Contempt and scorn towards the nose flute as an instrument is not new. In this article published in the Portsmouth Times on October 12, 1948, and announcing that the AFM (American federation of Musicians) had finally accepted the harmonica as an instrument, the nose flute clearly is used as an ironic example (remember that at this time, even the ukulele was considered as a toy and was rejected by the AFM).
It had been a long time since the 1925s though, when Lloyd Bufford Threlkeld and other had proved the nose whistle was a real instrument...
I retyped the text, because it is difficult to read, and also on purpose for automatic translators :
Harmonica Makes The Grade - The harmonica has been a mongrel in the family of musical instruments. Favored by the rustics, comedians, eccentrics and idlers, it originally was called Aeolina by Sir Charles Wheatstone who invented it in 1829.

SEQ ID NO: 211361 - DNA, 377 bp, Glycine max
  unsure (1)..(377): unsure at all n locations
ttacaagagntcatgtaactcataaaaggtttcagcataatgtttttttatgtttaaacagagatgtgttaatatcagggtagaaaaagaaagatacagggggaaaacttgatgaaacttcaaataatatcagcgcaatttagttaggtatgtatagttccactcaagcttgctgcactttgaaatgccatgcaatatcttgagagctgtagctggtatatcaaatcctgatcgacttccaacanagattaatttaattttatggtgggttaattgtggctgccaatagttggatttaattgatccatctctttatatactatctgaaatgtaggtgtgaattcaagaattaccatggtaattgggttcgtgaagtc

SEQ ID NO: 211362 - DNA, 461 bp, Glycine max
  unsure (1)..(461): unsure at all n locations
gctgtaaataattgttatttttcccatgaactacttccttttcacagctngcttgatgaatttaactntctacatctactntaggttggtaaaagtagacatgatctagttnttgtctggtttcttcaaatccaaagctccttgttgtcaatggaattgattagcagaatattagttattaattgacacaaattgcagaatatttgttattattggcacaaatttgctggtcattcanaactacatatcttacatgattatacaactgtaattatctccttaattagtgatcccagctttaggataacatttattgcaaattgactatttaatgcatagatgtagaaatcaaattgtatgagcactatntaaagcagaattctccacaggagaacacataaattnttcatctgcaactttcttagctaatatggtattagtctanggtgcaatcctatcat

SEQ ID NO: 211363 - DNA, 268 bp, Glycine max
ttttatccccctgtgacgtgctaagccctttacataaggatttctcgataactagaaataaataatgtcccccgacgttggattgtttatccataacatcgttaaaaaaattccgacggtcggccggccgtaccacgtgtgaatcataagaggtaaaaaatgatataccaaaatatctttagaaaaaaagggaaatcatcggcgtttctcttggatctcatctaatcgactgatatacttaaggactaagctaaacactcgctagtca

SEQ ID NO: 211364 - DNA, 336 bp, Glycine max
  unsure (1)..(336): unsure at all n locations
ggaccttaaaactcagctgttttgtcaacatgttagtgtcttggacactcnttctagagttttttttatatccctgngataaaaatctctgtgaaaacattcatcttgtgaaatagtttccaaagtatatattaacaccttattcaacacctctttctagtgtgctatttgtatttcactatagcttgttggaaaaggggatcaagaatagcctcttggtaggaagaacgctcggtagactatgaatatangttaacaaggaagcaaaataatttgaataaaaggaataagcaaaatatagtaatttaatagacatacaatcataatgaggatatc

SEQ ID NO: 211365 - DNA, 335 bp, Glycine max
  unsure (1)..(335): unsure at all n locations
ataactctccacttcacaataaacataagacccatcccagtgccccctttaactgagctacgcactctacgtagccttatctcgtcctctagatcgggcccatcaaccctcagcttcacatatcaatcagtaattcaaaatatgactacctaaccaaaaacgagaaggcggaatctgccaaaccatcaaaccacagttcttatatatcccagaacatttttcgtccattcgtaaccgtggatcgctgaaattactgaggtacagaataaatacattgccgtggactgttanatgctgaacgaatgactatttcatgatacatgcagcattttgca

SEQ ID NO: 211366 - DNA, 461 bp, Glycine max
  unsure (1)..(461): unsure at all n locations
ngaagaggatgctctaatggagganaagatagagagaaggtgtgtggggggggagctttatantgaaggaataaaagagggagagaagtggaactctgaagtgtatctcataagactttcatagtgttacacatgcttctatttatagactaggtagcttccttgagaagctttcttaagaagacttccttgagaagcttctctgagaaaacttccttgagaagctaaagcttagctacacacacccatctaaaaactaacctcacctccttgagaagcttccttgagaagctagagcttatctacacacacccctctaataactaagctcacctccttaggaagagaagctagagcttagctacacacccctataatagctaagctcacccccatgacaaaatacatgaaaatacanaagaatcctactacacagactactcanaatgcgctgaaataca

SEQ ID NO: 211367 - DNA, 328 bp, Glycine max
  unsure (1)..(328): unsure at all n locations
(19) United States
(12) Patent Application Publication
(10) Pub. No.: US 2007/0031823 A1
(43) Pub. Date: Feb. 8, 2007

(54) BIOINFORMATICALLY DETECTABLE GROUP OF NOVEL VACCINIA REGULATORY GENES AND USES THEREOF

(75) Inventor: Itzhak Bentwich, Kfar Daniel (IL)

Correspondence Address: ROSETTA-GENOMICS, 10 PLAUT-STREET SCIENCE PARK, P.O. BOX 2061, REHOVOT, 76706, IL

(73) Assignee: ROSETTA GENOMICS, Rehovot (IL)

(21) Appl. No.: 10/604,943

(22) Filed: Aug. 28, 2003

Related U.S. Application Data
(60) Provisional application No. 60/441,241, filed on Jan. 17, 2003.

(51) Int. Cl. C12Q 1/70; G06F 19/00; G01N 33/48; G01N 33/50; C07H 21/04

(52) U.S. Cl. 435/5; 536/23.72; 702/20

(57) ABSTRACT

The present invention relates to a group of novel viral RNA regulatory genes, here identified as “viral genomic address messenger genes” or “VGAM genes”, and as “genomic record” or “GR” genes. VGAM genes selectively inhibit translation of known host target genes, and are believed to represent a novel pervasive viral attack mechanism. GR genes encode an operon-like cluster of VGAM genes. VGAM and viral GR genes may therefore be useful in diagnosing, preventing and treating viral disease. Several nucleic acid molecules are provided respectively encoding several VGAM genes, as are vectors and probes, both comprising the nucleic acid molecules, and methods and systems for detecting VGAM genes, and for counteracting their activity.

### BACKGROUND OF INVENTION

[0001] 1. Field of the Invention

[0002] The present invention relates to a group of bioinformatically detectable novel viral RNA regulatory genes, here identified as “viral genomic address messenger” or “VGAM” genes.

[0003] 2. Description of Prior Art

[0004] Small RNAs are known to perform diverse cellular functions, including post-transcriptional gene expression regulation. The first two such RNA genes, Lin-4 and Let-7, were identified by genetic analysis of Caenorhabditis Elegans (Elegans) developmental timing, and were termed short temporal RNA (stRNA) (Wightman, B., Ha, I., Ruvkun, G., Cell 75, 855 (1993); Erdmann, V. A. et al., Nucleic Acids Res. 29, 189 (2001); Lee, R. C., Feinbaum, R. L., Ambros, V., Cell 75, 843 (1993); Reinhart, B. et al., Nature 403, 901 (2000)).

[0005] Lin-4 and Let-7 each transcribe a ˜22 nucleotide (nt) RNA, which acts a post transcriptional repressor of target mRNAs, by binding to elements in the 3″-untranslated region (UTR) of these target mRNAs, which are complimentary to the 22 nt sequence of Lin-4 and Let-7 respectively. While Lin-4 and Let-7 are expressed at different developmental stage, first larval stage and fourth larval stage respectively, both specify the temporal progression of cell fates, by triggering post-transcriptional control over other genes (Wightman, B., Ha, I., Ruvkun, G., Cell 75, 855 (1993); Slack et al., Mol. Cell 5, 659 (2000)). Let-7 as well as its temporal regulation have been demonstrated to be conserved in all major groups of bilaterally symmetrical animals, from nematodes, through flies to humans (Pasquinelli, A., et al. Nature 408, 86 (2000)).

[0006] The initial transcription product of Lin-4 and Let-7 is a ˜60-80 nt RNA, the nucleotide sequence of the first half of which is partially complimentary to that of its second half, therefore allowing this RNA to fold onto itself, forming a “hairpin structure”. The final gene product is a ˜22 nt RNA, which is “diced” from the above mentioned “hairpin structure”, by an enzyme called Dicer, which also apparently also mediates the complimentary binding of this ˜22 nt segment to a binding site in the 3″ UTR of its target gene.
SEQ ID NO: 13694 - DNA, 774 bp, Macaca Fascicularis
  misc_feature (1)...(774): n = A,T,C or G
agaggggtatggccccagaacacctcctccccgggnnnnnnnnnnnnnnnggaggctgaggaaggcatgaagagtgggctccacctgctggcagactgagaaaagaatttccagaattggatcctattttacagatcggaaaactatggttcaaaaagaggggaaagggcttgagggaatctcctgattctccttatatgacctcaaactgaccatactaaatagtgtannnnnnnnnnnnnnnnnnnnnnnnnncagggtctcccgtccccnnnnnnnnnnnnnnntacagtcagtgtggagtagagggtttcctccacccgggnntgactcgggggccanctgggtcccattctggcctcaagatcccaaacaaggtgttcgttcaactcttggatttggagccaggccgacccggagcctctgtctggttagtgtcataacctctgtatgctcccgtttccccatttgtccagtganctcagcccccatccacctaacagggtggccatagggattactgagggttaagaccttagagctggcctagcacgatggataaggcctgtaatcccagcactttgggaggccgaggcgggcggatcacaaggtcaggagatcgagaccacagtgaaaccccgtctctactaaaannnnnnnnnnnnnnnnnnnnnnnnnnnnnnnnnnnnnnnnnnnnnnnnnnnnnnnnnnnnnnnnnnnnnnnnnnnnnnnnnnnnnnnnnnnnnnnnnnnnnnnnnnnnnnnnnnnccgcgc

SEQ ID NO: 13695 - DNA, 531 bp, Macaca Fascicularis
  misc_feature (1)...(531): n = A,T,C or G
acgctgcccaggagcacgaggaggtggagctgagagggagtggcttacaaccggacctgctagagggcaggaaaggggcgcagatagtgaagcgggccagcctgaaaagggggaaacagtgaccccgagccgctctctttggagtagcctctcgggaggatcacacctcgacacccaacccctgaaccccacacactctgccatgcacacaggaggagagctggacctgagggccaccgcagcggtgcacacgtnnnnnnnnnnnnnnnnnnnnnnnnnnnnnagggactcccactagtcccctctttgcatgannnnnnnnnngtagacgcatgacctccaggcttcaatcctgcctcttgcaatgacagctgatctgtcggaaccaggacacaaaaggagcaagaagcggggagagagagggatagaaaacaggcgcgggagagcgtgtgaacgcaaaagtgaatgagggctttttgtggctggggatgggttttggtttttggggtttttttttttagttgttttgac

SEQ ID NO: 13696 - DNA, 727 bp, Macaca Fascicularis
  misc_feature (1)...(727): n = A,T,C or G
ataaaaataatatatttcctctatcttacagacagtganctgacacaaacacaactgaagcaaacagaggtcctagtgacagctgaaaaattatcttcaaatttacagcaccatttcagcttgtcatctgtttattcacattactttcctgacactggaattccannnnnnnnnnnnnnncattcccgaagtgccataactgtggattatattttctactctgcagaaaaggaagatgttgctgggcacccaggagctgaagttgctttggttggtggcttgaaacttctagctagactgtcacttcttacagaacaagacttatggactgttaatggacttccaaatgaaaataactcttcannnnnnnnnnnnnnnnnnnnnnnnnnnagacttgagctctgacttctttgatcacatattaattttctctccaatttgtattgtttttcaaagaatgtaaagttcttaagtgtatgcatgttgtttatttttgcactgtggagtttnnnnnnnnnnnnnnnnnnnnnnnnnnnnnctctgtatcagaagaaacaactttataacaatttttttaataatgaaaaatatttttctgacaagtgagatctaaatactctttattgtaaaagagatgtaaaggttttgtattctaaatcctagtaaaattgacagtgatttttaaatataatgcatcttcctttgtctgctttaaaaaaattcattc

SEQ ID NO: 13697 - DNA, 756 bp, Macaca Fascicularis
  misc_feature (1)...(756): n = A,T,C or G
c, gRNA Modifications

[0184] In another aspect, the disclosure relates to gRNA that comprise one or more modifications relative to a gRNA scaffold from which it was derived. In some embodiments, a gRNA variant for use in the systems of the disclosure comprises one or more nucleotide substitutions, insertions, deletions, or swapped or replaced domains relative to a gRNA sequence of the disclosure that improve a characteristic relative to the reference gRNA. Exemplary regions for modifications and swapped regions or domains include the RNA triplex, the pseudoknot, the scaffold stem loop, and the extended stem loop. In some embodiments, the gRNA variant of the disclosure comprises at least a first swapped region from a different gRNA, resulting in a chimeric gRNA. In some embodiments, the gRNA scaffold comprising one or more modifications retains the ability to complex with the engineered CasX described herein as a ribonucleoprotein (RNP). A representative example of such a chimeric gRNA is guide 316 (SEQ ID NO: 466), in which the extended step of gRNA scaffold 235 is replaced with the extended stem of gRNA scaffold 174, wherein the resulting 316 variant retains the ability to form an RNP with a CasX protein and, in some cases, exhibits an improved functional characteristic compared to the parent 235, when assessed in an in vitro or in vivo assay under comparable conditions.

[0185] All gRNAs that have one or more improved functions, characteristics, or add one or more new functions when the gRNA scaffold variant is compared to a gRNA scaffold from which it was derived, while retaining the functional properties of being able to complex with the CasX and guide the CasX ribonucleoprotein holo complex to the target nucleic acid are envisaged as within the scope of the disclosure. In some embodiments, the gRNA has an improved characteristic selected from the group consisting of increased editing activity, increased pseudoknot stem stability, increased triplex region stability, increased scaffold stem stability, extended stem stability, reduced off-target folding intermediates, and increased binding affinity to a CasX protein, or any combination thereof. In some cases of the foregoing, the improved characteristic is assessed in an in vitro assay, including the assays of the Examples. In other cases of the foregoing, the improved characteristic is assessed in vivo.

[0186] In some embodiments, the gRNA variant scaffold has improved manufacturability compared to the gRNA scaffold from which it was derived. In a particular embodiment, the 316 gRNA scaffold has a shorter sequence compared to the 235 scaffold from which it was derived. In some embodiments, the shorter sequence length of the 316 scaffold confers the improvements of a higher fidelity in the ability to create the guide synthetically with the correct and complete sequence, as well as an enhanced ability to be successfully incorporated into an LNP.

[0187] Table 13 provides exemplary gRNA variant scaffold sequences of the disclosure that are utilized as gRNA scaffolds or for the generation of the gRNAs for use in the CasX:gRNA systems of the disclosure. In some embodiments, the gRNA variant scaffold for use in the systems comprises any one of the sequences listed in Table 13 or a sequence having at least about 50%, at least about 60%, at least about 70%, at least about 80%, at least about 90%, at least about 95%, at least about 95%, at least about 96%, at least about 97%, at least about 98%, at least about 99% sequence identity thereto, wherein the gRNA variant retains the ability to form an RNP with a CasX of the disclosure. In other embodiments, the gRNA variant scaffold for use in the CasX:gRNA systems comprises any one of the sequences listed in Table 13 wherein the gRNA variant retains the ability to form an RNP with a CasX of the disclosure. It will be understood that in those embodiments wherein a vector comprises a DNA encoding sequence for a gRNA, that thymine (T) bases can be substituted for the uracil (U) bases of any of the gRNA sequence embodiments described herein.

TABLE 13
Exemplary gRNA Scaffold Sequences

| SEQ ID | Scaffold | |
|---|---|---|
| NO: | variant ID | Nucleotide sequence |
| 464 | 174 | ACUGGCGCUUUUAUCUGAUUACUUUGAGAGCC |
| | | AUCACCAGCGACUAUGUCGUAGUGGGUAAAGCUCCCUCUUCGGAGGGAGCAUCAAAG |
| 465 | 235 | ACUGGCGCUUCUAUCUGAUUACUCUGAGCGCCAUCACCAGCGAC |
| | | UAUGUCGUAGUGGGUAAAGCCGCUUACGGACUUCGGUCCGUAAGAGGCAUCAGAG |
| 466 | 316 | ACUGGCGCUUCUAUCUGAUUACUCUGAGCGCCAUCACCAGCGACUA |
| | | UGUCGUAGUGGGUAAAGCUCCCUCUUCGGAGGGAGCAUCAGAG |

Now the harmonica comes into its own. It is recognized as a full-fledged musical instrument by James Caesar Petrillo of the American Federation of Musicians. Harmonica players will be taken into the union, although Mr. Petrillo concedes he isn't out to organize fence-corner improvisers and players who give train imitations at neighborhood parties.
The reason for the ruling is that, with the ban on new orchestral recordings, harmonica players are cleaning up as recording artists.
If the Harmonicats and kindred contributors to the national culture are succeeded as recording stars by nose-flute artists and virtuosos of the comb and tissue paper, we may look for further additions to the ranks of union musicians.
Earlier or later, the nose flute was regarded as a "joke item" (check this post) or as a "very approximative" instrument (check this post).